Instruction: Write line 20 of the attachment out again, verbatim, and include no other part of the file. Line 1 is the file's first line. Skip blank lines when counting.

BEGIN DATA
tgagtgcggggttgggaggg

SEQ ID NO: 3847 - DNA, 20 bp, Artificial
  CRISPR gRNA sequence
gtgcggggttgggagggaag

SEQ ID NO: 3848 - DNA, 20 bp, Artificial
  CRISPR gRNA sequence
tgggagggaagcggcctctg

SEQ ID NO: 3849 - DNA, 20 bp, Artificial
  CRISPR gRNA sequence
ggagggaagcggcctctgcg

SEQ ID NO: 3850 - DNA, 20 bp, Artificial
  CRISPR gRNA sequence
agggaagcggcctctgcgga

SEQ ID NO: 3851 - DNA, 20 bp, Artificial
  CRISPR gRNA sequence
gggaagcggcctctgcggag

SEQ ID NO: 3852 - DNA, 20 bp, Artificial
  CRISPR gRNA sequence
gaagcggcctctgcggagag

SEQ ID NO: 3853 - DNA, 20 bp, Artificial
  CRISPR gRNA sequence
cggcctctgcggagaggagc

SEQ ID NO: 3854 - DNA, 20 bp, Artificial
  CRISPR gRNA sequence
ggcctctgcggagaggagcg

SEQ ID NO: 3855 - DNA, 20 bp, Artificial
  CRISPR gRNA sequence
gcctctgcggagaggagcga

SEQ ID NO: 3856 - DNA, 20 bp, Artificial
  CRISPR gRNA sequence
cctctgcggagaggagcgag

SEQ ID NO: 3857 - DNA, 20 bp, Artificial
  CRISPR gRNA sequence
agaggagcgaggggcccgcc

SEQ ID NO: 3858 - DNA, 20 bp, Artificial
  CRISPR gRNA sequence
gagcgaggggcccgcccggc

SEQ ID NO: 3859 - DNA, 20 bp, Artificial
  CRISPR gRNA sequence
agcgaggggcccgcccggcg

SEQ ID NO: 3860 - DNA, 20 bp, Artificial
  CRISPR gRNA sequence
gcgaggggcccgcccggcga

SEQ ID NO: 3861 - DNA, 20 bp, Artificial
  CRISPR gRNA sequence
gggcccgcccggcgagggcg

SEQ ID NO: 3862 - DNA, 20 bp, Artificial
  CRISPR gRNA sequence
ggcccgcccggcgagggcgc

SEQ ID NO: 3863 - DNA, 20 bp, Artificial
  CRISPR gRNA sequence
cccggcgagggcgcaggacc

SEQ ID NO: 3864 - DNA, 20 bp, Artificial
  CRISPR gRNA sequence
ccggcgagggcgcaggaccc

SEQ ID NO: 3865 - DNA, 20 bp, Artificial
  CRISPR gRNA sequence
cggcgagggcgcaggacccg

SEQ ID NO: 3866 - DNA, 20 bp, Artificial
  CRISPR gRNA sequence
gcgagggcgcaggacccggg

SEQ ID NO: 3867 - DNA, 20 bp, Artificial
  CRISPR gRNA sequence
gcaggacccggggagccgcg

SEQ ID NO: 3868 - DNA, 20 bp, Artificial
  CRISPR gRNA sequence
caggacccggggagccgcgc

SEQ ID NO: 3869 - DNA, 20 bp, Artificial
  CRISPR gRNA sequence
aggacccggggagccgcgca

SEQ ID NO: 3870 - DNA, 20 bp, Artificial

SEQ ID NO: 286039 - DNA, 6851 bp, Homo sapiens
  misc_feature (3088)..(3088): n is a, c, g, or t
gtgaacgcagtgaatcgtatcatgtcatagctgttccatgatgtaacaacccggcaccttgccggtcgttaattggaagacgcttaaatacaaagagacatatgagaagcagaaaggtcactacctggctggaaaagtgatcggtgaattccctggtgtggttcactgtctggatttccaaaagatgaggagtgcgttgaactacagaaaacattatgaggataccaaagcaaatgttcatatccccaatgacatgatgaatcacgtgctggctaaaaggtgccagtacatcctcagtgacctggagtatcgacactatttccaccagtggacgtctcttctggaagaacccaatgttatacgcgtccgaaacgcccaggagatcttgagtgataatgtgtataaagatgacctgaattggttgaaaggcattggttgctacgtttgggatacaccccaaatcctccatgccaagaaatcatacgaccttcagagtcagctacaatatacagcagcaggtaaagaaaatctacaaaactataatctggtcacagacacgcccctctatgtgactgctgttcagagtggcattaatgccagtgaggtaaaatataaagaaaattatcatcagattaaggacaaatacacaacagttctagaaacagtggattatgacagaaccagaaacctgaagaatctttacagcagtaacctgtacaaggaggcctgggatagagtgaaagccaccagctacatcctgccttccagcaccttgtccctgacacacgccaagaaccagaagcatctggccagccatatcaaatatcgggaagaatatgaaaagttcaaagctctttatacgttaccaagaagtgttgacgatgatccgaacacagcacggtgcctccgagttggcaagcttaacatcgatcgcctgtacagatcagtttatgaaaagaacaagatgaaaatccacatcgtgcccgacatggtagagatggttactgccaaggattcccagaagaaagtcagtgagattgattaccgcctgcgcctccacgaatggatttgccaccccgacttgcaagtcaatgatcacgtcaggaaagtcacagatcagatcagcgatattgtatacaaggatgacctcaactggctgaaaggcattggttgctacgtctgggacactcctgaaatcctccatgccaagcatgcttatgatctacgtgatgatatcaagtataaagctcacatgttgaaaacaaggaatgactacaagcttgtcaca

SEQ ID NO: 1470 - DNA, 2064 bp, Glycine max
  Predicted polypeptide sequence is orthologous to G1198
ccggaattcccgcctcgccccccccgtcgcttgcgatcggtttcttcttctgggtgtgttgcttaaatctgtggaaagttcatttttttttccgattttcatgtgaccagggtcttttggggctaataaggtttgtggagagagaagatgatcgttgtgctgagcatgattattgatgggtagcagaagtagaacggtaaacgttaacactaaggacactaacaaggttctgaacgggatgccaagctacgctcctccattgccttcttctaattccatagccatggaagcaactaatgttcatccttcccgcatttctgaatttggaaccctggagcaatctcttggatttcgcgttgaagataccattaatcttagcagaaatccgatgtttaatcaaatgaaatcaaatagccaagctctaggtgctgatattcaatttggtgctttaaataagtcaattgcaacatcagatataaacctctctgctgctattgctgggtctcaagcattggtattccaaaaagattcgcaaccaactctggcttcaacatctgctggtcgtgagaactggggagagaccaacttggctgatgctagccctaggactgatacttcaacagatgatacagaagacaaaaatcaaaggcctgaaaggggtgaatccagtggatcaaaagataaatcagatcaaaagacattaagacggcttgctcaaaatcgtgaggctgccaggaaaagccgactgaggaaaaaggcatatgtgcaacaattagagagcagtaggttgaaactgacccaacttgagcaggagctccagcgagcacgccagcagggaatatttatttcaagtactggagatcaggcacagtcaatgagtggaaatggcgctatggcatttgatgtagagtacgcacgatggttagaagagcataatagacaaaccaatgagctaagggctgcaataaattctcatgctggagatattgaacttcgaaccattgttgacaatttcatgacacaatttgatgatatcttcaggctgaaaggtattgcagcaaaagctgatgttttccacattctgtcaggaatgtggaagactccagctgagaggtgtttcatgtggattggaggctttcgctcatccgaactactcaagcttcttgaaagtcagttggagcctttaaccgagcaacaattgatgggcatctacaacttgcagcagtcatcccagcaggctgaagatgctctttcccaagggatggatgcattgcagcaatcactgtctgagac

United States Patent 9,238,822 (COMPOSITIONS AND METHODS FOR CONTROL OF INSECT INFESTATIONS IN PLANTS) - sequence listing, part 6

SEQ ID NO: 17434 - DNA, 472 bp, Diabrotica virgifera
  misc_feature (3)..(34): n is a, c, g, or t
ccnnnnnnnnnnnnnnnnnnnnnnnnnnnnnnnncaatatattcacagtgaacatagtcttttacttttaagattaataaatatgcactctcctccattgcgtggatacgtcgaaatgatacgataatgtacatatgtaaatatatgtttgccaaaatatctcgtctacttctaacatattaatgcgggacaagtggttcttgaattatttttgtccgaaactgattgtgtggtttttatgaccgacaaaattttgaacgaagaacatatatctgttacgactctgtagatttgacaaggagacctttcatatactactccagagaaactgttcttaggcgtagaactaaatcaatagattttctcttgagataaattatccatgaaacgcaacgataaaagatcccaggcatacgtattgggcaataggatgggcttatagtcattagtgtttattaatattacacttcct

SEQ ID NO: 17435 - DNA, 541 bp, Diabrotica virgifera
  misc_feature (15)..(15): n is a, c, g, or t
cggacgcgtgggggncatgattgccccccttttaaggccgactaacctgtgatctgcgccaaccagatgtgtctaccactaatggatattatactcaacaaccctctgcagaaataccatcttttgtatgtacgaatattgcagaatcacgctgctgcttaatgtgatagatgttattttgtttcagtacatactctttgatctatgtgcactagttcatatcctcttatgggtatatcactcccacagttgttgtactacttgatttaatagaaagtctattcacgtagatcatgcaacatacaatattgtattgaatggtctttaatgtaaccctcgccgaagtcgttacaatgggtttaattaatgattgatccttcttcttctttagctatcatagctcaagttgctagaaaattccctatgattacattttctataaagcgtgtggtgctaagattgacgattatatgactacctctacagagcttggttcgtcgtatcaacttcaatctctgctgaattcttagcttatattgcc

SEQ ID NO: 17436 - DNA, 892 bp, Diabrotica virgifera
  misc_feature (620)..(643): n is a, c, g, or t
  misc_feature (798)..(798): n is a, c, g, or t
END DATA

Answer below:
SEQ ID NO: 3853 - DNA, 20 bp, Artificial